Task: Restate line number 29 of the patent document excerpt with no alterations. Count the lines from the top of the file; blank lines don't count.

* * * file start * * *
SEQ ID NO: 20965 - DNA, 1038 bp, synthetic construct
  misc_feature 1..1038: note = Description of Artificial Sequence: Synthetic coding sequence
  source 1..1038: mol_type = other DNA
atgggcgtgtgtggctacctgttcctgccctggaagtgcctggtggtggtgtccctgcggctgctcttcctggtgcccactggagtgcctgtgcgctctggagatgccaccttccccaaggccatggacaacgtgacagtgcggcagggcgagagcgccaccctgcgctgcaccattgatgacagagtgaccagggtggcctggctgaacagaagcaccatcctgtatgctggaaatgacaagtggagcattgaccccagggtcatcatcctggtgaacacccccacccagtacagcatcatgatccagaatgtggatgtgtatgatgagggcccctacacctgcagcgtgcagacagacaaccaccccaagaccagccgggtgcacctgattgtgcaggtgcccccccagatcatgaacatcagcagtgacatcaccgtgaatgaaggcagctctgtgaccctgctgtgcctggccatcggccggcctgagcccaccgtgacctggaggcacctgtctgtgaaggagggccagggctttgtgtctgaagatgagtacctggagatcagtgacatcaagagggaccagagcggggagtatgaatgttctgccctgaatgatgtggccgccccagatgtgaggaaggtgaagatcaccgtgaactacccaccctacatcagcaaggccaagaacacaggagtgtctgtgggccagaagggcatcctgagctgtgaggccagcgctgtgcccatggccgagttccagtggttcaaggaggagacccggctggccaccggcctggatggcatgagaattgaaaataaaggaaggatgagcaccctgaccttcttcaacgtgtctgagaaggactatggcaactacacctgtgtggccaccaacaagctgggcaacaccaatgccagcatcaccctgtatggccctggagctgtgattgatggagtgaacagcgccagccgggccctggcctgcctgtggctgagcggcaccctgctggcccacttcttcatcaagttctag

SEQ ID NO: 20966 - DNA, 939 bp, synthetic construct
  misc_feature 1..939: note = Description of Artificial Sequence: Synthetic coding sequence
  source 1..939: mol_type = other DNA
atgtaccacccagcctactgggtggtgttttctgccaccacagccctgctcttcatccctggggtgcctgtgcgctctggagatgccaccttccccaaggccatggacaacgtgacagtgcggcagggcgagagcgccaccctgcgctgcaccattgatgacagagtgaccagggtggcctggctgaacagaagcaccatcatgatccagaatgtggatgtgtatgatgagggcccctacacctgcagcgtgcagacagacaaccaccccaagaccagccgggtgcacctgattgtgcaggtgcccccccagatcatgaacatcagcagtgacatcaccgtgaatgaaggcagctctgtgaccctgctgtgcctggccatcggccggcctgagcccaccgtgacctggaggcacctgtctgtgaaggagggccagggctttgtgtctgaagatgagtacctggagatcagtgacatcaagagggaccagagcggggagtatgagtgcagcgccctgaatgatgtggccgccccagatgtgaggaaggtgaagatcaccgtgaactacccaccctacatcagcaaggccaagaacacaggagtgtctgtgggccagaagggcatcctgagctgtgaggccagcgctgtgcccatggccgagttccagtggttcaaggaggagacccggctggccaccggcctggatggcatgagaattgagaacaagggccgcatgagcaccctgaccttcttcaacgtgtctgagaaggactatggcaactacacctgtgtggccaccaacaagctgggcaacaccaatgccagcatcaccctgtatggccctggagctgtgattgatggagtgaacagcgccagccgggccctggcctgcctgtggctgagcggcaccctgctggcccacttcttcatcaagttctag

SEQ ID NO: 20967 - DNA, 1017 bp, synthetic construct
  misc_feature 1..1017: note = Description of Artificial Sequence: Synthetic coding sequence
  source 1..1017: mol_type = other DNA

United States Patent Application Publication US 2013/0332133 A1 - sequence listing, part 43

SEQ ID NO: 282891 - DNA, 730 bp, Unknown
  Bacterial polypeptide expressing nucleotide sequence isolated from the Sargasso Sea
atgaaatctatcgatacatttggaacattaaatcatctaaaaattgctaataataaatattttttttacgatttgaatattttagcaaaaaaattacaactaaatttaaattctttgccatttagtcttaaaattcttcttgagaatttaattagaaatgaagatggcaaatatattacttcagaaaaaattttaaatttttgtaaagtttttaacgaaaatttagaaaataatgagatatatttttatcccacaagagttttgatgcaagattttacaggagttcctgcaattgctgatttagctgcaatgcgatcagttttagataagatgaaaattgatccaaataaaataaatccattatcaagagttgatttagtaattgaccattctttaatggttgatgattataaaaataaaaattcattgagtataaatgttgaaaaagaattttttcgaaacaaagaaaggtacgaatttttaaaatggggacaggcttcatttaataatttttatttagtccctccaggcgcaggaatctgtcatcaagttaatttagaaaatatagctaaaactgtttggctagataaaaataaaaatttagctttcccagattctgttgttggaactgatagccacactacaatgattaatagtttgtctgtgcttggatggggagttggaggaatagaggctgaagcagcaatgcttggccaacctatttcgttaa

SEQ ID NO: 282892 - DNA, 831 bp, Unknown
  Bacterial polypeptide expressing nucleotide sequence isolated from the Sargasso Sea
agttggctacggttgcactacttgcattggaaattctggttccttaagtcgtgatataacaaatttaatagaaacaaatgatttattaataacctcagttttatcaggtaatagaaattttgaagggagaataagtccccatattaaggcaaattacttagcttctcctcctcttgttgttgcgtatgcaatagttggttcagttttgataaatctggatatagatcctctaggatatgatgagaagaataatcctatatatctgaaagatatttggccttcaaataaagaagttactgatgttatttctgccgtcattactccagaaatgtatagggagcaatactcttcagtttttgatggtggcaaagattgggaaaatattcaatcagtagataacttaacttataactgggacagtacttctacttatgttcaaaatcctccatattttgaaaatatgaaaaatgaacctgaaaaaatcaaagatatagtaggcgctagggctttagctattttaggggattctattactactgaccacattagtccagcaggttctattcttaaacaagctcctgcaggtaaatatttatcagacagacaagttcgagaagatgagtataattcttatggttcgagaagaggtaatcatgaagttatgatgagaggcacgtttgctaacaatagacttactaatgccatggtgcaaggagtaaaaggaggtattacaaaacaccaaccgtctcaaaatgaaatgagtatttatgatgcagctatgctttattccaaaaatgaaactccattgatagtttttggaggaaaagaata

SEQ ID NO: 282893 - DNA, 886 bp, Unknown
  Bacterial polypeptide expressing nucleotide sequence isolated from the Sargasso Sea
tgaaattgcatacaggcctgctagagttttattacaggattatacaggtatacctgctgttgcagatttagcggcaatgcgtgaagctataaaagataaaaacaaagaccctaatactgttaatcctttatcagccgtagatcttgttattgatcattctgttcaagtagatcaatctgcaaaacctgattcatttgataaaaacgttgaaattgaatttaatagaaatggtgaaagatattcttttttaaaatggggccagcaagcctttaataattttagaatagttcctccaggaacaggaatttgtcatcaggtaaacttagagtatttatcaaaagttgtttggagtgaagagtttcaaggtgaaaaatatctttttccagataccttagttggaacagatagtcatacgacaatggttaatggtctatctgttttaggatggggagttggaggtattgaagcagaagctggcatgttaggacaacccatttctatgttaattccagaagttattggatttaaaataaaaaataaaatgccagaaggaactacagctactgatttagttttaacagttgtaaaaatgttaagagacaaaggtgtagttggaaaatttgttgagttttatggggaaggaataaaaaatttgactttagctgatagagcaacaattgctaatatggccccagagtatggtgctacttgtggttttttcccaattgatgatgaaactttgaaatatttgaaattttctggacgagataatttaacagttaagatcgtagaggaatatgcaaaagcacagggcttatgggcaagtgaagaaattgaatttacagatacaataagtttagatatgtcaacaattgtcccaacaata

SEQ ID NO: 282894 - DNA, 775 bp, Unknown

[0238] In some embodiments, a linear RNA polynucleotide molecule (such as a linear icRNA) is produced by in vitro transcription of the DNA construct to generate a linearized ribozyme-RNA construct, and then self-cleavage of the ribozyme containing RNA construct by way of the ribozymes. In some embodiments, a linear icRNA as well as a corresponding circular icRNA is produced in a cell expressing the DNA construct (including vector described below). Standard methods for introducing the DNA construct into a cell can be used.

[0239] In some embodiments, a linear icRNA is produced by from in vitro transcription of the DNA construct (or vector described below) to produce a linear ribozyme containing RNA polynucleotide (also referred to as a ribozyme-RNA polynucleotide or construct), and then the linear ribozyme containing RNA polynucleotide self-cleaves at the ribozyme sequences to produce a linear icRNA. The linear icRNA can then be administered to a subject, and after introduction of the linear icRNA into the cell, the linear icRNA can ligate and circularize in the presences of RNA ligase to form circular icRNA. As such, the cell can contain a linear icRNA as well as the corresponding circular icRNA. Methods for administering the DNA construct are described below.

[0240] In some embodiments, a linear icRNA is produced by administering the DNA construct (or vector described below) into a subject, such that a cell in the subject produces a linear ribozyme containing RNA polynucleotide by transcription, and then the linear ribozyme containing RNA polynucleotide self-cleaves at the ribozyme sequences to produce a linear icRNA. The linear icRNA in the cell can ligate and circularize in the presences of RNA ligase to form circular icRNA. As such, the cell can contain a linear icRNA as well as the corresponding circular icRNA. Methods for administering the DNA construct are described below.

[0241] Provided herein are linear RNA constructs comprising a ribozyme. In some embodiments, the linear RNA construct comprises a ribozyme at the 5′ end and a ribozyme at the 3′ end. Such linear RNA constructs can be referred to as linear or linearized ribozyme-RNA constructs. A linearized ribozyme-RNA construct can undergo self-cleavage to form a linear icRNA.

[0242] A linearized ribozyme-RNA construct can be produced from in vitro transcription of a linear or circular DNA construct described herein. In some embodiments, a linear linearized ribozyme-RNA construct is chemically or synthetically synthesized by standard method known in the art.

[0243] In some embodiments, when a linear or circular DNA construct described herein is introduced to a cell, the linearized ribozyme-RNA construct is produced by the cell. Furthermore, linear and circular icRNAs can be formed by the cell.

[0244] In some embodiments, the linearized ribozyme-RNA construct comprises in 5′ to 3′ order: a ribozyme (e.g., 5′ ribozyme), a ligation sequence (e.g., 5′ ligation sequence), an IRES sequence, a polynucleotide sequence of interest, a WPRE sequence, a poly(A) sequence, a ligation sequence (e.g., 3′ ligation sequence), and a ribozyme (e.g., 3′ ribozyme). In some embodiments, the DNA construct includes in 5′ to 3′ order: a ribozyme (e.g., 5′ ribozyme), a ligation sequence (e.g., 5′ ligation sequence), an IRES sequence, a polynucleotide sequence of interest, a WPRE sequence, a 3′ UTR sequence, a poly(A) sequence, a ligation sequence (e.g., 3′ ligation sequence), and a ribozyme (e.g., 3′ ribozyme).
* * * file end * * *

[0244] In some embodiments, the linearized ribozyme-RNA construct comprises in 5′ to 3′ order: a ribozyme (e.g., 5′ ribozyme), a ligation sequence (e.g., 5′ ligation sequence), an IRES sequence, a polynucleotide sequence of interest, a WPRE sequence, a poly(A) sequence, a ligation sequence (e.g., 3′ ligation sequence), and a ribozyme (e.g., 3′ ribozyme). In some embodiments, the DNA construct includes in 5′ to 3′ order: a ribozyme (e.g., 5′ ribozyme), a ligation sequence (e.g., 5′ ligation sequence), an IRES sequence, a polynucleotide sequence of interest, a WPRE sequence, a 3′ UTR sequence, a poly(A) sequence, a ligation sequence (e.g., 3′ ligation sequence), and a ribozyme (e.g., 3′ ribozyme).